Moving An actsaslist Child To A New Parent
UPDATE: this has been superseded by a technique that works on Rails 2. Use that instead.
This isn’t hard but I’m embarrassed by how long it took me to get right! To save others from the same feeling of ineptitude, here’s what to do.
After a while the top two in each category are:
Moving An Item Within Its List
Suddenly one of our people decides The Hoff is Hot. (I know, bear with me, it’s a contrived example.) With
actsaslist it’s not so obvious how to move a child from one parent to another. What to do?
Let’s say we have categories and items like this:
class Category < ActiveRecord::Base has_many :items, :order => :position end class Item < ActiveRecord::Base belongs_to :category acts_as_list :scope => :category end
And the edit item page on the GUI gives you a dropdown list of categories and a dropdown list of positions from 1 to the number of items in the category.
To move an item around within a category, the user simply changes the position with the dropdown. Here’s the code that makes this work:
So far, so good. But what happens if the user chooses a different category for an item? The old category will be left with a hole in its list of items where this one used to be and the item’s position will be all wrong in its new category. ## Moving An Item To A Different List Bearing in mind the [skinny controller, fat model](http://weblog.jamisbuck.org/2006/10/18/skinny-controller-fat-model) pattern, we push the logic down into the model:
class ItemsController < ApplicationController def update @item = Item.find params[:id] # Extract the position so we can work with it # independently of the other attributes. new_position = params[:item].delete(:position).to_i if @item.update_attributes(params[:item]) @item.move_to_position new_position flash[:notice] = 'You da man' redirect_to item_url(@item) else # Restore position user chose @item.position = new_position render :action => 'edit' end end end class Item < ActiveRecord::Base # ... As above def move_to_position(position) self.insert_at position end end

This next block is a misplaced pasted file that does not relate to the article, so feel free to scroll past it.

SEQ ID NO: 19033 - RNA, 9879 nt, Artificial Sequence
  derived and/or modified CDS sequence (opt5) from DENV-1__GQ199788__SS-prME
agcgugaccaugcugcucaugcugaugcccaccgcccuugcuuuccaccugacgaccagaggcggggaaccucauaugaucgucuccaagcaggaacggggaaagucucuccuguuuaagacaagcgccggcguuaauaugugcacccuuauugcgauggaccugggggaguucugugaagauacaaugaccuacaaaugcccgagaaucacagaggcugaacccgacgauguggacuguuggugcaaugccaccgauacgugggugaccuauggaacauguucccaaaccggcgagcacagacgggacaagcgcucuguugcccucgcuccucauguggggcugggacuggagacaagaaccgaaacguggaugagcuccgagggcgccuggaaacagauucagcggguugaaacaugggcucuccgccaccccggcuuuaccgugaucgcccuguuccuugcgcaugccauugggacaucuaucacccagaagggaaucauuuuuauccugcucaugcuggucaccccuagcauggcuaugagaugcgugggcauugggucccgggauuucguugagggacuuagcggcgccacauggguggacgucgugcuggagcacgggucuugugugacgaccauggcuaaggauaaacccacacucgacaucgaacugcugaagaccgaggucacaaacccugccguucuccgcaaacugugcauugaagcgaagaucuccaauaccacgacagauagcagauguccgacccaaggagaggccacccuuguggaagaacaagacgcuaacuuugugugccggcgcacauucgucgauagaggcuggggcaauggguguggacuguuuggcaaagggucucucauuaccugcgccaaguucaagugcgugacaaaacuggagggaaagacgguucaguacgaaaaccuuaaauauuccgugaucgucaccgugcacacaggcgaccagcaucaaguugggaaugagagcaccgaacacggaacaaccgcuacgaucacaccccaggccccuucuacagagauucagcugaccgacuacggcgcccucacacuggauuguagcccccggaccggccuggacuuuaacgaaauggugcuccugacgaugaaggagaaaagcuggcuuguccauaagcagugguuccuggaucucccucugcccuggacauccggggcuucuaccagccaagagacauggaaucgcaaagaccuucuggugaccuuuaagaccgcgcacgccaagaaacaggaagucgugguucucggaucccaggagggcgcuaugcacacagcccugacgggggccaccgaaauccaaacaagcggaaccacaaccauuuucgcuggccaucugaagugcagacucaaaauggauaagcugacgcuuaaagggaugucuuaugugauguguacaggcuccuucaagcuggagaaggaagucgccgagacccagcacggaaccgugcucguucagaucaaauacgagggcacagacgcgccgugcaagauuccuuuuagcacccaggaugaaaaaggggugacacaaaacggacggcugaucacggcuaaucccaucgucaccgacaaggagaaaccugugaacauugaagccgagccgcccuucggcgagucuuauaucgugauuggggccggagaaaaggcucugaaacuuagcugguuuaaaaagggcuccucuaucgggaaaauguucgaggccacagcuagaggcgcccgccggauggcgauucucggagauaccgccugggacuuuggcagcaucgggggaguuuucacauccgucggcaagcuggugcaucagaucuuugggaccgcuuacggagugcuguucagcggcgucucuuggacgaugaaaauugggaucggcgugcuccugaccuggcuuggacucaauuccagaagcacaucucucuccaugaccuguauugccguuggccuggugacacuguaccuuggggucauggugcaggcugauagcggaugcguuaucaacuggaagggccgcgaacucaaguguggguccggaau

When we change an item’s category we remove it from its parent’s list. This shuffles the other members of the list appropriately so no hole is left behind. But how do we insert the item into its new parent’s list? We want to preserve the position if possible but adjust it sensibly if it is beyond the range of the existing items. We use a couple of
class Item < ActiveRecord::Base # ... As above def category_id=(category_id) if self[:category_id] != category_id self.remove_from_list self[:category_id] = category_id end end end
ActiveRecord’s lifecycle callbacks to insert the item into its new list once the category has been changed. In
We set the position to nil so that the insertion in the
def before_update if self.category_id != Item.find(self.id).category_id @the_position, self.position = self.position, nil end end
after_updatecallback works as we would expect:
And we add a method to adjust the position if it is too high or low for the new list:
def after_update if @the_position pos, @the_position = @the_position, nil self.insert_at(position_in_bounds(pos)) end end
## Moving An Item To A New List And Changing Its Position But what if the user wants make The Hoff hot and, at the same time, bump Angelina from the top spot? Yup, you’re right: delete this idiot’s account and block his IP. Hypothetically, though, all we need to do is listen for changes in the categories' dropdown and update the positions' dropdown with the new category’s range in an AJAX stylee. Then our
def position_in_bounds(pos) if pos < 1 1 elsif pos > self.category.items.length self.category.items.length else pos end end
move_to_positioncode will sort it all out with this amendment:
## Conclusion Unit tests are essential. This isn’t desperately complicated but it was clearly a bit much for my brain when I started. Proceeding test-first allowed me to approach the problem methodically and solve it.
def move_to_position(position) self.insert_at position_in_bounds(position) end